New affidavit says Troy Tavern building’s wall can’t reasonably be fixed

TROY — Miami County’s chief building official said in an affidavit filed Thursday, July 13, that there is “no safely feasible way” to shore up the north wall of the Tavern building in Troy’s historic district.

The building at 112-118 W. Main St., with portions dating to the early 1800s, continues to be the focus of debate and multiple court filings arguing its fate.

An order issued June 23 by Common Pleas Court Judge Stacy Wall ordered building owner 116 West Main to shore up the north wall by July 7. The order also said she would appoint an independent expert witness to provide a structural analysis of the building because of conflicting engineers’ reports filed in court cases.

Wall appointed Daniel Geers of Jezerinac, Geers & Associates of Dublin as the expert on July 5. Parties to the litigation had until Friday, July 14, to object to the appointment. The expert’s fees will be paid by the parties.

Chief Building Official Rob England said in the affidavit filed with the Common Pleas Court that he met this week with owner Randy Kimmel and his lawyers and advised him of the opinion. He said it was based on his years of construction experience, background and training and the belief of the county’s third-party engineer.

On June 16, Miami County prosecutors filed a request asking Wall to order demolition of the building, noting findings by England and Troy Fire Chief Matthew Simmons that the building was a public threat.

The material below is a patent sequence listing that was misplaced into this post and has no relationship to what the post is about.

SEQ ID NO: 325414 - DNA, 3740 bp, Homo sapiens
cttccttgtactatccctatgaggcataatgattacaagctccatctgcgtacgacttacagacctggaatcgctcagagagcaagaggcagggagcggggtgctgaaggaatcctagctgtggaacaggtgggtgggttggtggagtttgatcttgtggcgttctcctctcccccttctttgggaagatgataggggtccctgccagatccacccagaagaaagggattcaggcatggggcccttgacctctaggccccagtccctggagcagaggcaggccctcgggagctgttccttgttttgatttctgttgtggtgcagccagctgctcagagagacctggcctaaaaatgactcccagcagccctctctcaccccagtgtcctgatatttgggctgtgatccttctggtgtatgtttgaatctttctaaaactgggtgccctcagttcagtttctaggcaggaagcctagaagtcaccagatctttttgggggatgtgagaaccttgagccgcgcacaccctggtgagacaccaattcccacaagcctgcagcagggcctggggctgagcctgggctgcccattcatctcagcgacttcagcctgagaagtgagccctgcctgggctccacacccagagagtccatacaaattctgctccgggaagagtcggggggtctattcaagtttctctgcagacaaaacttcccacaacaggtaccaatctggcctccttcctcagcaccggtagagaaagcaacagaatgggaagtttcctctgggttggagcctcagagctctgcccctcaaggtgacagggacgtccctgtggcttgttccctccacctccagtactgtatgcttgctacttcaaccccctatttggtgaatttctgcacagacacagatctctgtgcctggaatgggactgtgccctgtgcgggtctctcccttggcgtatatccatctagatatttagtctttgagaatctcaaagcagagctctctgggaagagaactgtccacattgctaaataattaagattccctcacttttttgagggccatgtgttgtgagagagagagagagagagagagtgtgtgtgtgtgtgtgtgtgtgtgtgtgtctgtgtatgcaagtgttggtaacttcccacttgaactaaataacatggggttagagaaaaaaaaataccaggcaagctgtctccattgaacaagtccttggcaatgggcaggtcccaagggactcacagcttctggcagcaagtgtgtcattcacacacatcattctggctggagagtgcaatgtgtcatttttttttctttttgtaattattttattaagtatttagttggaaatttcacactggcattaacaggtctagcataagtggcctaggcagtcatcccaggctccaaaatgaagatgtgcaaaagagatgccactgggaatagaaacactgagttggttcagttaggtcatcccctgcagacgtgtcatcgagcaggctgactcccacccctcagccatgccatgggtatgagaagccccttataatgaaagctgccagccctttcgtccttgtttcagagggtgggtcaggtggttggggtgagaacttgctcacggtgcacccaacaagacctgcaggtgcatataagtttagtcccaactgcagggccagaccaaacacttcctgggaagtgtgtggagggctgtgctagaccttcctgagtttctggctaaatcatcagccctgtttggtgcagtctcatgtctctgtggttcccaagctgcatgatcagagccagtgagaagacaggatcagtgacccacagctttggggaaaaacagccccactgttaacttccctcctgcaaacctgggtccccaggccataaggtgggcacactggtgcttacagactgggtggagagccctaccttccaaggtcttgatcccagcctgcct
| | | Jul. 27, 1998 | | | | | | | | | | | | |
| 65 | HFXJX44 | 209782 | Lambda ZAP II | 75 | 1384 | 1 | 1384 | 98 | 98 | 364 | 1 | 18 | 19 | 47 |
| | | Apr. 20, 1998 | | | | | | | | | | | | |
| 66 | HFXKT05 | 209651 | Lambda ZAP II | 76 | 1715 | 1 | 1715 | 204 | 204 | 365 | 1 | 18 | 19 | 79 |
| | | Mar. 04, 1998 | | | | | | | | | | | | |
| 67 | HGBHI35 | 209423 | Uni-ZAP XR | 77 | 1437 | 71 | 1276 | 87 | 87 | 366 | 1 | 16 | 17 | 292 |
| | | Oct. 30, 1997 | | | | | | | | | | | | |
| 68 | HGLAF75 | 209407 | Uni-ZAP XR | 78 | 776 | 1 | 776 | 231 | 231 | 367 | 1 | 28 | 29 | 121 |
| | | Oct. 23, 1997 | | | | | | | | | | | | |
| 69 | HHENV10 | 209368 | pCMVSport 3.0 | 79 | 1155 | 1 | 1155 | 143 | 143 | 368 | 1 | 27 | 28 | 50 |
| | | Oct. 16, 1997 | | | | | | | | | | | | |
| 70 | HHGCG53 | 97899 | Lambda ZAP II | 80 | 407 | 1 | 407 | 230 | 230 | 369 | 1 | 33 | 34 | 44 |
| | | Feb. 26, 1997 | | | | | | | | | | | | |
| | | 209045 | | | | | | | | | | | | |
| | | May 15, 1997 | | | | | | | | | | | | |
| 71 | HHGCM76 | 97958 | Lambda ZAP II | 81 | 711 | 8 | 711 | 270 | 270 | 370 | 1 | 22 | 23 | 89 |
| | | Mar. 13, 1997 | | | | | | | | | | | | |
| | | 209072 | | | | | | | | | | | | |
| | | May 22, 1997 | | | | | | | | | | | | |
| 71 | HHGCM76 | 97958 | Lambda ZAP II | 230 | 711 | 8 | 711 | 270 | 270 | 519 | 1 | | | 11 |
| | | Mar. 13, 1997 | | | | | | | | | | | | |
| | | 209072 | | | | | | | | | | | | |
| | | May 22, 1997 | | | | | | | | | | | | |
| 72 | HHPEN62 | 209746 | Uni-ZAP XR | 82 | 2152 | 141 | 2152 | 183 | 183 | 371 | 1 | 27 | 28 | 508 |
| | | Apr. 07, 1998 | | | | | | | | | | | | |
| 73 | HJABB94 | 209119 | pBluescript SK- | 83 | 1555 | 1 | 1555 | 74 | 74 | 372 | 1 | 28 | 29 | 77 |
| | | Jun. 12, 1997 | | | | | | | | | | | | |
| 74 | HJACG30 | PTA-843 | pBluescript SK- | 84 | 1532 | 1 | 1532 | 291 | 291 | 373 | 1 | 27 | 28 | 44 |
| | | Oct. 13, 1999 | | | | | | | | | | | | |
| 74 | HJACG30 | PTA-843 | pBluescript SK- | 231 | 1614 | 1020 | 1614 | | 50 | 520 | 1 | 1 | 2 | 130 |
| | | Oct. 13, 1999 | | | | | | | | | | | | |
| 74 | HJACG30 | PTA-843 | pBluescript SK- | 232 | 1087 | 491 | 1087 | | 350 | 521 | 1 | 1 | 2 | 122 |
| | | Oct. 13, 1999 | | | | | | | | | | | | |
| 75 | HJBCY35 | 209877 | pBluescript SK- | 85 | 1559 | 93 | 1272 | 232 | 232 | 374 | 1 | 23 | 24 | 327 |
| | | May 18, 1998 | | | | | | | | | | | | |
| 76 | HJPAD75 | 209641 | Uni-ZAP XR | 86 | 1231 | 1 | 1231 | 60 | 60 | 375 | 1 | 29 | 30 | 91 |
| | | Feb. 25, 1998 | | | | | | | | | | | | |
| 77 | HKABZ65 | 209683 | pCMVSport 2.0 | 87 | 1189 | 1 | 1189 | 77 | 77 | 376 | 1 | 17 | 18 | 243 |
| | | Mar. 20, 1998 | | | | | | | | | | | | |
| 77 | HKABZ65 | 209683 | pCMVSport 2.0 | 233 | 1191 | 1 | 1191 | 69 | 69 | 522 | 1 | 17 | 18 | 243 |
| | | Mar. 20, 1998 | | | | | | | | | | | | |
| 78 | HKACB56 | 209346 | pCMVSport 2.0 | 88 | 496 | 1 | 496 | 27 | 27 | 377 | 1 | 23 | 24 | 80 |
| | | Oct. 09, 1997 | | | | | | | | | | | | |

Wall denied the request and made the other June 23 orders. County prosecutors filed an appeal of the orders on England’s behalf July 10 to the 2nd District Court of Appeals. 116 West Main also has appealed that ruling.

After the judge denied the demolition request, the city closed West Main Street between Cherry and Plum streets to create a fall zone in front of the building. The area was adjusted a few days later when areas in front of some businesses on that block were opened for customer parking.

The sidewalk and parking immediately in front of the Tavern building have been blocked since a January 2020 tornado damaged the building.

The city on July 10 dismissed its request for an injunction against demolition of the building. The injunction had been sought in March when demolition was started without a certificate of appropriateness (COA) from the city. 116 West Main’s lawyers argued the COA was not needed, based on an order issued by England stating the building was a “serious risk.” That order was changed to “needs repairs” before being changed again in May to a “serious hazard.”

The June findings by England and Simmons that the condition of the building required removal nullified the need for a COA, the city said in a statement from Law Director Grant Kerber.

“… It was appropriate to notify the court of this fact and to dismiss the claim that the city was seeking an injunction to prevent the demolition of the building,” Kerber said.

Contact this contributing writer at [email protected]

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